DON’T trust only one source
My main source of news is The New York Times. I’m a big fan. However, I don’t read only NYT articles. I get my daily briefings from them, but when I take further interest in a topic, I make sure to read articles from various sources. This ensures that you are seeing various viewpoints. Reading articles from different sources can help you to see biases in other articles, even if they’re small. Bias is really, really hard to avoid. But, being able to spot bias helps greatly in getting accurate information.
DO read a few articles on the topic
This goes with reading articles from different sources. Read multiple articles about a topic! You would never write a research paper using only one article or book. Why? You wouldn’t get enough information to fully understand the topic. Fake news is proliferated when people don’t take the time to check. Writers are just as capable of lying to you as they are of telling you the truth! While no journalist should be spreading fake news, that doesn’t mean it won’t happen.
DON’T read articles that only present your viewpoint
You’re going to naturally gravitate towards articles that align with your views. There’s nothing wrong with that. However, it’s important to be aware of the other side as well. You can’t properly defend your views unless you understand the other side. I will often seek out articles that offer a different viewpoint just so that I can compare them. Sometimes, this gives me valuable insight. It can help me see flaws in my standpoint that I wouldn’t have been aware of otherwise. This also helps me to sympathize with the other side.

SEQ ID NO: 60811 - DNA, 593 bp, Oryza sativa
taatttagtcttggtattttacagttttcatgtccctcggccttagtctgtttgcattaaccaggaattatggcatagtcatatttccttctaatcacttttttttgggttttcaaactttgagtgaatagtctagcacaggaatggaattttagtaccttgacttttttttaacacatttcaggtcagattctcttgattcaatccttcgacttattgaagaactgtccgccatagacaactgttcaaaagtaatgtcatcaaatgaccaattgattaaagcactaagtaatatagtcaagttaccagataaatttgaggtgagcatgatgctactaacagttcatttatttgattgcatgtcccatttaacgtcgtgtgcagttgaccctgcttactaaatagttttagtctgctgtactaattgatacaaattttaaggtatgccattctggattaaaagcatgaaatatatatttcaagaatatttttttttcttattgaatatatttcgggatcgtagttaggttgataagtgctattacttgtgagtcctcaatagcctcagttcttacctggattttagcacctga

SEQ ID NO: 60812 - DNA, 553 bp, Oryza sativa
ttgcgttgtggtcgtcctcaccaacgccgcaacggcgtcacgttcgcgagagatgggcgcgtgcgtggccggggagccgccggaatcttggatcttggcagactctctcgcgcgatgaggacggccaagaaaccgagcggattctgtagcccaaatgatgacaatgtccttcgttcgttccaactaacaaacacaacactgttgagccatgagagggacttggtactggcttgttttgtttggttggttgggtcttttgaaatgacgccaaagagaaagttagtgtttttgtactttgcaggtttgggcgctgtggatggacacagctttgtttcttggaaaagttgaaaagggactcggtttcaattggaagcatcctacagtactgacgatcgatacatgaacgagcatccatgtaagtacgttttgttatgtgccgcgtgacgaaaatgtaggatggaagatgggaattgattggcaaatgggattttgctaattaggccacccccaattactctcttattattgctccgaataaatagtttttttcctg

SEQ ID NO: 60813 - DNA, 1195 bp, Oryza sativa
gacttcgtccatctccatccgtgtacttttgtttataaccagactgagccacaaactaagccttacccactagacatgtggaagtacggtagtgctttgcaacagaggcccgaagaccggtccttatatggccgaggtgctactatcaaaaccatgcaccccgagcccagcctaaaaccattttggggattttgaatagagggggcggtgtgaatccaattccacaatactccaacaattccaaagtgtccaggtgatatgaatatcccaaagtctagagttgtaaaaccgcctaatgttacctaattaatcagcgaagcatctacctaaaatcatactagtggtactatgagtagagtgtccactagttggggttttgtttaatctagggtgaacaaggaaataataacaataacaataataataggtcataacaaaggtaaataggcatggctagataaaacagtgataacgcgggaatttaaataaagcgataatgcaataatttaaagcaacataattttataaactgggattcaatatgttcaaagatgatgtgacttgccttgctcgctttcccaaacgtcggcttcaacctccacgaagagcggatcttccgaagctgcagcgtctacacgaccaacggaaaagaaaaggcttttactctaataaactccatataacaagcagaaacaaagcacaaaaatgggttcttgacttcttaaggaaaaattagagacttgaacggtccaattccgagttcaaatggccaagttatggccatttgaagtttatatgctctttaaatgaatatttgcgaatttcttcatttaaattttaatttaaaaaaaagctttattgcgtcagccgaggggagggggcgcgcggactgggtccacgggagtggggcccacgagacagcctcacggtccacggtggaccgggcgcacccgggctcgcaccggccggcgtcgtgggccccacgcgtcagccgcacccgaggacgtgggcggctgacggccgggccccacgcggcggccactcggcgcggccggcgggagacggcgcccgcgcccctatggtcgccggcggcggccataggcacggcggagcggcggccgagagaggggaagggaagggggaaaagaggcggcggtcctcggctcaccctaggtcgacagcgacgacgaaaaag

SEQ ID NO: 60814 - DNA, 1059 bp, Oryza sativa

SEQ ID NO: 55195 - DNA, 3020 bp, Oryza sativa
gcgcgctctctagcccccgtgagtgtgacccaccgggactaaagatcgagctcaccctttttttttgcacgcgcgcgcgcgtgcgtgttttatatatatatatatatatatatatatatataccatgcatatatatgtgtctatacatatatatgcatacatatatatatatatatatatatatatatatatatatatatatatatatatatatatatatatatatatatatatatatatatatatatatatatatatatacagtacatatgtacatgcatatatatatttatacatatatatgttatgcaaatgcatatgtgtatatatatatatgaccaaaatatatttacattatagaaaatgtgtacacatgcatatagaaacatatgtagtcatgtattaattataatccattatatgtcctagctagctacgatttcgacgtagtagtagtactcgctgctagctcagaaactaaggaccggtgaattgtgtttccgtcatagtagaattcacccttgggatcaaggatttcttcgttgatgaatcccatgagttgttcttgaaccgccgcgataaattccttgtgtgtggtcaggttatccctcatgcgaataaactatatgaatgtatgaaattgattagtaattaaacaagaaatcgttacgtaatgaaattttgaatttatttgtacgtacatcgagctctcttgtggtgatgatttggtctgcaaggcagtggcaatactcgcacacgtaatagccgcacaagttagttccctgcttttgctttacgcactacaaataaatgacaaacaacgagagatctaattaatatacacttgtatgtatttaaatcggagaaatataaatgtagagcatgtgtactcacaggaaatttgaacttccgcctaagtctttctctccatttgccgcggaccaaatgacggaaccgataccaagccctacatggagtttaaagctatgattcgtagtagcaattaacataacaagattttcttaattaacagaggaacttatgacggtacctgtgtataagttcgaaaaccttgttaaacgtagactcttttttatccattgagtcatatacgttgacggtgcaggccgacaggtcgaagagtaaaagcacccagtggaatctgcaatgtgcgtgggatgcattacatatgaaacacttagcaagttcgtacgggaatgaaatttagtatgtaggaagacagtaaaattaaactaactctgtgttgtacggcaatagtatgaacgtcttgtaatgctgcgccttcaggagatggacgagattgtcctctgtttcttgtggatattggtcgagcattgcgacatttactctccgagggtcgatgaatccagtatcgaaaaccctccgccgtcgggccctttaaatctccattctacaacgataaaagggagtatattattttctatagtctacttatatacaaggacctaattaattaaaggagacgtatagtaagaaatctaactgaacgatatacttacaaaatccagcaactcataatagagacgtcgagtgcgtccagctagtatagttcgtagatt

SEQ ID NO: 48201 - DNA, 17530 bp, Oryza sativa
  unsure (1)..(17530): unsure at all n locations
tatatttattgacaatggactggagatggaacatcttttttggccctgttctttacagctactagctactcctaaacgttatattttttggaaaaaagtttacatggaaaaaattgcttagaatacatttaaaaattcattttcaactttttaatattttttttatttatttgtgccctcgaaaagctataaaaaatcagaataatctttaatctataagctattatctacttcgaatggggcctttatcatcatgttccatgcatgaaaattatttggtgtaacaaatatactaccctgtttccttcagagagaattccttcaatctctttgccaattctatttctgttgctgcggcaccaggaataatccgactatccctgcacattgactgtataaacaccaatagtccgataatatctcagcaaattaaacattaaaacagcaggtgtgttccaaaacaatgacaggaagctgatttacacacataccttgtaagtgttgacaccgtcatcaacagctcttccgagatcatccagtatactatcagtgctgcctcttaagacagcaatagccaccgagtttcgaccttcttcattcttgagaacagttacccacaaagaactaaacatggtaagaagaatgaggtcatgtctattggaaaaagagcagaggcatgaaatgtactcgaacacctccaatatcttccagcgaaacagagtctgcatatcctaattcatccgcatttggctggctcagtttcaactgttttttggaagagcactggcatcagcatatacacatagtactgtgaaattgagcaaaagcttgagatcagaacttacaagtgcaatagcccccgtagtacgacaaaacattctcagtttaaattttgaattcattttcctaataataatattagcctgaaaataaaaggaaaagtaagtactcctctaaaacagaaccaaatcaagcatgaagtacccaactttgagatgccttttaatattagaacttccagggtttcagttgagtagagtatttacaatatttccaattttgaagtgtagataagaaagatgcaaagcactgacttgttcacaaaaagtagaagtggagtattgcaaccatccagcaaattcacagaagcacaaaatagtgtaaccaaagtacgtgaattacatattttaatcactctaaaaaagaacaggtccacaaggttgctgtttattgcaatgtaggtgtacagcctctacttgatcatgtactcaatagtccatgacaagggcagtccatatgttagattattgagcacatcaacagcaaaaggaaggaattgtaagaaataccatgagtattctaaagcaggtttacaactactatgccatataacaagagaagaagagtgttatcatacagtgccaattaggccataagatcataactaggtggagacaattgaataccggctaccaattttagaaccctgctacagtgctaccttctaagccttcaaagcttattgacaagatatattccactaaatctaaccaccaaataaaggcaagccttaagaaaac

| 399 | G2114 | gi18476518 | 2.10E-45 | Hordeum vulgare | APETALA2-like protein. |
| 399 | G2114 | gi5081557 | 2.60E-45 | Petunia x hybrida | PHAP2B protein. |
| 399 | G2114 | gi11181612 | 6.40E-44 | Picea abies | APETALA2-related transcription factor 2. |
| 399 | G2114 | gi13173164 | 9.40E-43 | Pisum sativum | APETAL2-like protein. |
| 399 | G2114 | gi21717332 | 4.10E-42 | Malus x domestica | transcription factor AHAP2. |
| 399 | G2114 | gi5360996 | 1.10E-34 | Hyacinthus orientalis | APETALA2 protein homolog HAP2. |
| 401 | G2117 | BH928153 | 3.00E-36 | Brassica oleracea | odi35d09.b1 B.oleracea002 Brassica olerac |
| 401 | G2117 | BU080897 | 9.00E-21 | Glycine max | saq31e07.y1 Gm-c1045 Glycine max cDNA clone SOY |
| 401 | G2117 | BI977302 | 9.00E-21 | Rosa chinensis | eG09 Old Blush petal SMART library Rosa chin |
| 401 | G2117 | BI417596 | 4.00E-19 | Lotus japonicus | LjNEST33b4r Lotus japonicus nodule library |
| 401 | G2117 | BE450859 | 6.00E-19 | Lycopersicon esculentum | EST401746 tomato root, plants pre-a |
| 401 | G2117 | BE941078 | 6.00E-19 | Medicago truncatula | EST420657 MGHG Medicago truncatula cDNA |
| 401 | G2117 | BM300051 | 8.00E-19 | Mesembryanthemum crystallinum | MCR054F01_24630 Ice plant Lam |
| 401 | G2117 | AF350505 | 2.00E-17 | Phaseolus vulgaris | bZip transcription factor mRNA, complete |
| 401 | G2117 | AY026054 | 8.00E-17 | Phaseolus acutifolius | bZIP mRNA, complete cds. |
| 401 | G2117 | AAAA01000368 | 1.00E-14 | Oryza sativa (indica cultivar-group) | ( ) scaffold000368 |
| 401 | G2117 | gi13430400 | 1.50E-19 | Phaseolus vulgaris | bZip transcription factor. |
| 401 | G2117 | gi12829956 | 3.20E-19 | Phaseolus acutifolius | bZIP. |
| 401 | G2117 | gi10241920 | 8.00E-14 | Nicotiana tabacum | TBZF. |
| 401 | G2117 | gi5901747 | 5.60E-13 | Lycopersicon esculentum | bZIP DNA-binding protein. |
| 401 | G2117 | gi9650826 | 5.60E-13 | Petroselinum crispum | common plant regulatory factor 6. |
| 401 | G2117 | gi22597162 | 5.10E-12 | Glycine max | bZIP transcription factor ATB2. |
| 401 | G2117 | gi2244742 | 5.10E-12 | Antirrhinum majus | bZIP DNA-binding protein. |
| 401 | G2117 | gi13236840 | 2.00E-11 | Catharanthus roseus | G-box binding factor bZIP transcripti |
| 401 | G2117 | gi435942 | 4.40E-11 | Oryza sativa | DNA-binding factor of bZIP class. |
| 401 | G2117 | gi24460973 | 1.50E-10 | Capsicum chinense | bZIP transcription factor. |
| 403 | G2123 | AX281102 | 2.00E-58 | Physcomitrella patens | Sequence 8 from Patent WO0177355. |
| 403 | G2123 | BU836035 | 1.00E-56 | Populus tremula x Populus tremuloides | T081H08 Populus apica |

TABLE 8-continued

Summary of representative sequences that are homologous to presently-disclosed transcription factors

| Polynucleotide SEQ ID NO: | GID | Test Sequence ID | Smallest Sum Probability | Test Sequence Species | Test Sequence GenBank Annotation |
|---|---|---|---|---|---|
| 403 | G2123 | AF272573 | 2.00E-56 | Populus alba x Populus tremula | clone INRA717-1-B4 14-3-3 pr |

DO look for signs of partisanship within an article
This goes along with the sensationalized titles. Most of the media is not telling blatant lies. Fake news is much more common as bias so it’s important to be able to identify bias. One very clear sign is if the writer is attacking the other side. There is no room for personal opinions in reporting.
Pay attention to who is being quoted in the piece. Are they only talking to conservatives? Only liberals? A journalistic piece is not a persuasive essay. It’s not wrong to have quotes supporting a certain point, but most journalists are taught to address the other side as well. They are taught to find credible quotes and evidence to tell the story and portray the whole picture.
In that vein, pay attention to what is quoted and what is inferred. It’s important to address technicalities that could be real, like the possibility of prosecuting women under Georgia’s heartbeat bill, but it is equally important to address that it is a technicality and only a possibility. The law does not state that women won’t be prosecuted, but it also does not state that they will be. Many articles painted it to look as if women would be prosecuted, simply because there was the possibility. While this is not untruthful, it is misleading.